Requenha Romano, Ygor
The Amazon region faces challenges in providing its population with drinking and treated water. In Brazil as a whole, piped water only supplies 36.1% of households. The Amazon is the region that has the largest amount of freshwater in Brazil and should give examples of sustainability in wastewater treatment. Nevertheless, indigenous and riverine communities bordering the Amazon River do not have access to potable water nor electricity and suffer health problems caused by contact with contaminated water. The goal of this project was to build a prototype to conduct chemical and microbiological physical water treatment, through a self-sustaining system (renewable energy) that could help communities in the Amazon region. In order to verify the effectiveness of the microbiological purification prototype I carried out the analysis of water quality by determining the most probable number of total and thermotolerant coliforms using the technique of multiple pipes. Measurements of the outputs of solar panels, both individually and connected in parallel, were made comparing the arrangement of the conical model with and without juxtaposed reflectors. The prototype has met the project objective and showed a capacity to treat 100 ml of water per minute, operating efficiently with self-sufficient energy in all stages and at low cost. All combinations of samples not processed in the prototype showed bacterial growth. None of the combinations of samples showed bacterial growth after being subjected to the treatment in the prototype. The optimal arrangement of solar panels increased the voltage output of each solar plate in 13.14%.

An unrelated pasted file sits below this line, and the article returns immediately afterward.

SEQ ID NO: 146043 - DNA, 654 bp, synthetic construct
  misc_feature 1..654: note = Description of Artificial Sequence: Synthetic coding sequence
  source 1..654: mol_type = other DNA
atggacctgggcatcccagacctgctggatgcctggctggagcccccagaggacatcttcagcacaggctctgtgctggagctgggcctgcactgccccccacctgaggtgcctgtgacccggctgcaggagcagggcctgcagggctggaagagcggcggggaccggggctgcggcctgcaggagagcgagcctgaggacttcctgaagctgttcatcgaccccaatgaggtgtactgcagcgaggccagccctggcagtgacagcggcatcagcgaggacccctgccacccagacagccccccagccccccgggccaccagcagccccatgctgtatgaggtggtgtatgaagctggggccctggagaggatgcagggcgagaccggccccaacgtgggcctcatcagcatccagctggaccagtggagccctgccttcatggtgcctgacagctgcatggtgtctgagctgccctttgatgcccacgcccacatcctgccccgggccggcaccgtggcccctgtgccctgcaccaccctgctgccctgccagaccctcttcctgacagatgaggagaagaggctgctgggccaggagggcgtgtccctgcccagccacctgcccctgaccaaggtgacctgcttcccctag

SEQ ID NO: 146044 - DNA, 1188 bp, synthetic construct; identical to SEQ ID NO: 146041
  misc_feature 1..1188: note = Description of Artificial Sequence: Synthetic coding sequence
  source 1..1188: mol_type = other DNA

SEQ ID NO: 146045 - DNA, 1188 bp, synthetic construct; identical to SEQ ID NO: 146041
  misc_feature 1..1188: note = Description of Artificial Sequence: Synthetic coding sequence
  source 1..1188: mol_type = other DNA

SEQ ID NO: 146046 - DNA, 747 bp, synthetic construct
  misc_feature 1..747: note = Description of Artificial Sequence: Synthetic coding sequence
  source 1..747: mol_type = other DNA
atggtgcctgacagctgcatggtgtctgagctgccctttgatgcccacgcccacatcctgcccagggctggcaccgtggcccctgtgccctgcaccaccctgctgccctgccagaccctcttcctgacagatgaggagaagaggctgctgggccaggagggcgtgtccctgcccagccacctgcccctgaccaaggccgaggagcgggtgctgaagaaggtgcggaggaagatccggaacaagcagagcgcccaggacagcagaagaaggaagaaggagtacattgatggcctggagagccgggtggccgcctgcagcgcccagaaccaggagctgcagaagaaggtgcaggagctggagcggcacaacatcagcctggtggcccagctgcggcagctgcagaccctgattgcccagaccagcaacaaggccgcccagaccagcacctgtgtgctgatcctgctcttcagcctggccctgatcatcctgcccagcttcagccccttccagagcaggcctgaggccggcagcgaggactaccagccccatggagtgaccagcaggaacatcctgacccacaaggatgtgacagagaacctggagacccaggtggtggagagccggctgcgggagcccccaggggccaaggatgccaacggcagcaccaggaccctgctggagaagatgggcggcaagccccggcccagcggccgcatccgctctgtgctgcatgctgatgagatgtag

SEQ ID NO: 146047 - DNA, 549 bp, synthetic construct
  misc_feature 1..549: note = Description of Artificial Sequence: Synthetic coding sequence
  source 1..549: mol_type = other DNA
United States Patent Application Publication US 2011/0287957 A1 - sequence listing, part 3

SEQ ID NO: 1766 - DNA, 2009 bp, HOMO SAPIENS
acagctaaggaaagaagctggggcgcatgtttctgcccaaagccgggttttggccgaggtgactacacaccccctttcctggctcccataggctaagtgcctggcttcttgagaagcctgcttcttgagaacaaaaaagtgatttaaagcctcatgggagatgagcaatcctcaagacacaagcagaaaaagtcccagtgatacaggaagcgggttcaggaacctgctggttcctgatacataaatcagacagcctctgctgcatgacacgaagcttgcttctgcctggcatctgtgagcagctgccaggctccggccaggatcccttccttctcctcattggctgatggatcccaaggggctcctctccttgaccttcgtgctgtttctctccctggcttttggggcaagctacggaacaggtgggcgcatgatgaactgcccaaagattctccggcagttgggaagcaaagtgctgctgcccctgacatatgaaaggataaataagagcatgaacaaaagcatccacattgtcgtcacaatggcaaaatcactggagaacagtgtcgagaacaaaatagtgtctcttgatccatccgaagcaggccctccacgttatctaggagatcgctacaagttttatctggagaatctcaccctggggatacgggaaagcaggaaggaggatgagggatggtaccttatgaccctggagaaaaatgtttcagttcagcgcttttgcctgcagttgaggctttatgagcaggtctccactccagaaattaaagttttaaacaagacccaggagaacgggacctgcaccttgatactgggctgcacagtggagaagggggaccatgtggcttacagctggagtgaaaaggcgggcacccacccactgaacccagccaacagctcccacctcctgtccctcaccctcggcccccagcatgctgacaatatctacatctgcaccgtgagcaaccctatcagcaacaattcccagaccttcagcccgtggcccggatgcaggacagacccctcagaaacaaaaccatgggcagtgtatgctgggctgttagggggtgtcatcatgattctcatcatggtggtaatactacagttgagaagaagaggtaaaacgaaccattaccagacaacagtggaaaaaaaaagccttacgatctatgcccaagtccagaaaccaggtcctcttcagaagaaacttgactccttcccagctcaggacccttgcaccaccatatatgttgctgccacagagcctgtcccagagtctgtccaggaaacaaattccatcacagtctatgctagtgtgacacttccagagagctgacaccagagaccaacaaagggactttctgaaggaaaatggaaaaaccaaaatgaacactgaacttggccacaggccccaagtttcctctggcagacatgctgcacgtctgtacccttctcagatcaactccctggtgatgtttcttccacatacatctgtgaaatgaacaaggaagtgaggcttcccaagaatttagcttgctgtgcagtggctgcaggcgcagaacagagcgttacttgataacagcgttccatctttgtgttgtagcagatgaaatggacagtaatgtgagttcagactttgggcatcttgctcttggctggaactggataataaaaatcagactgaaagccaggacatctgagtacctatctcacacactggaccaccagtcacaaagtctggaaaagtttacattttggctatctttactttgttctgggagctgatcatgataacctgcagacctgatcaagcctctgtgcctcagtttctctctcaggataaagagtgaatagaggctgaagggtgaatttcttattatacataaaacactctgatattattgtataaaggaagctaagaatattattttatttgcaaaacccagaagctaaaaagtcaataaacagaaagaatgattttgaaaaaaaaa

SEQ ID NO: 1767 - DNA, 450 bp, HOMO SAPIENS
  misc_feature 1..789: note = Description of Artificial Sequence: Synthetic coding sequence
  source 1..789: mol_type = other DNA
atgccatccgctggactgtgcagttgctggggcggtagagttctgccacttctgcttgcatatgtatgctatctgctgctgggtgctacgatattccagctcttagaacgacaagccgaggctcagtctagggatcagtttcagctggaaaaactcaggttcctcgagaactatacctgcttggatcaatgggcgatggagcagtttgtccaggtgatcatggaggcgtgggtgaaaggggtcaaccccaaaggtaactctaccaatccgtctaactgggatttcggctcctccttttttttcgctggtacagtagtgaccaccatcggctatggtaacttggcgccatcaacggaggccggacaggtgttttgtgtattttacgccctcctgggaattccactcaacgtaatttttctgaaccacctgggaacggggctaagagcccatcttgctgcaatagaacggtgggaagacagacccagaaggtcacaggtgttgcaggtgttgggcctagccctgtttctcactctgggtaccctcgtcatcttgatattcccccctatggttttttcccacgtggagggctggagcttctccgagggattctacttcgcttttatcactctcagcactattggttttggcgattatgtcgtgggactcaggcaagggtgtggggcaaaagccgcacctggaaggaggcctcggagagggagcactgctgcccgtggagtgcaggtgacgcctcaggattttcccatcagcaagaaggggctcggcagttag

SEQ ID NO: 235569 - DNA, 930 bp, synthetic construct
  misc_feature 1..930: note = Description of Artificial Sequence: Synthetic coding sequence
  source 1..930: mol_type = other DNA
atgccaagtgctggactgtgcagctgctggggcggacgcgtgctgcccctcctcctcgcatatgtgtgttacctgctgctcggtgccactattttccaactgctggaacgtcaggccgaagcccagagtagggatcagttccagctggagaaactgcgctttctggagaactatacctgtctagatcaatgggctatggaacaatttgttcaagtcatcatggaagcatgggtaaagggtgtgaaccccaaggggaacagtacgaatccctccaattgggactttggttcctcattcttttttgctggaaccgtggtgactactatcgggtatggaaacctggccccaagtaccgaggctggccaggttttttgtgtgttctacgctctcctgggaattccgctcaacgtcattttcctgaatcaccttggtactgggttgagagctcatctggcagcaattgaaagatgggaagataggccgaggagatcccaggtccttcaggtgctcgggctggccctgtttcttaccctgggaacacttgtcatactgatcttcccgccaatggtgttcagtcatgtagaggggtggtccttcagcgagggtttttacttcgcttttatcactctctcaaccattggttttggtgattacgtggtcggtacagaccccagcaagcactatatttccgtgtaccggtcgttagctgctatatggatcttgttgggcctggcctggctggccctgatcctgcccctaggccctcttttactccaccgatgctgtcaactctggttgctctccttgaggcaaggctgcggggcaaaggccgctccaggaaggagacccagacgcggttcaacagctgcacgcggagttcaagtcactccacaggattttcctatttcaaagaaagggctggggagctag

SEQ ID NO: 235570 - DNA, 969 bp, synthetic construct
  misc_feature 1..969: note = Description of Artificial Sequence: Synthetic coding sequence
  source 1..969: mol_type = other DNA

Third Award of $1,000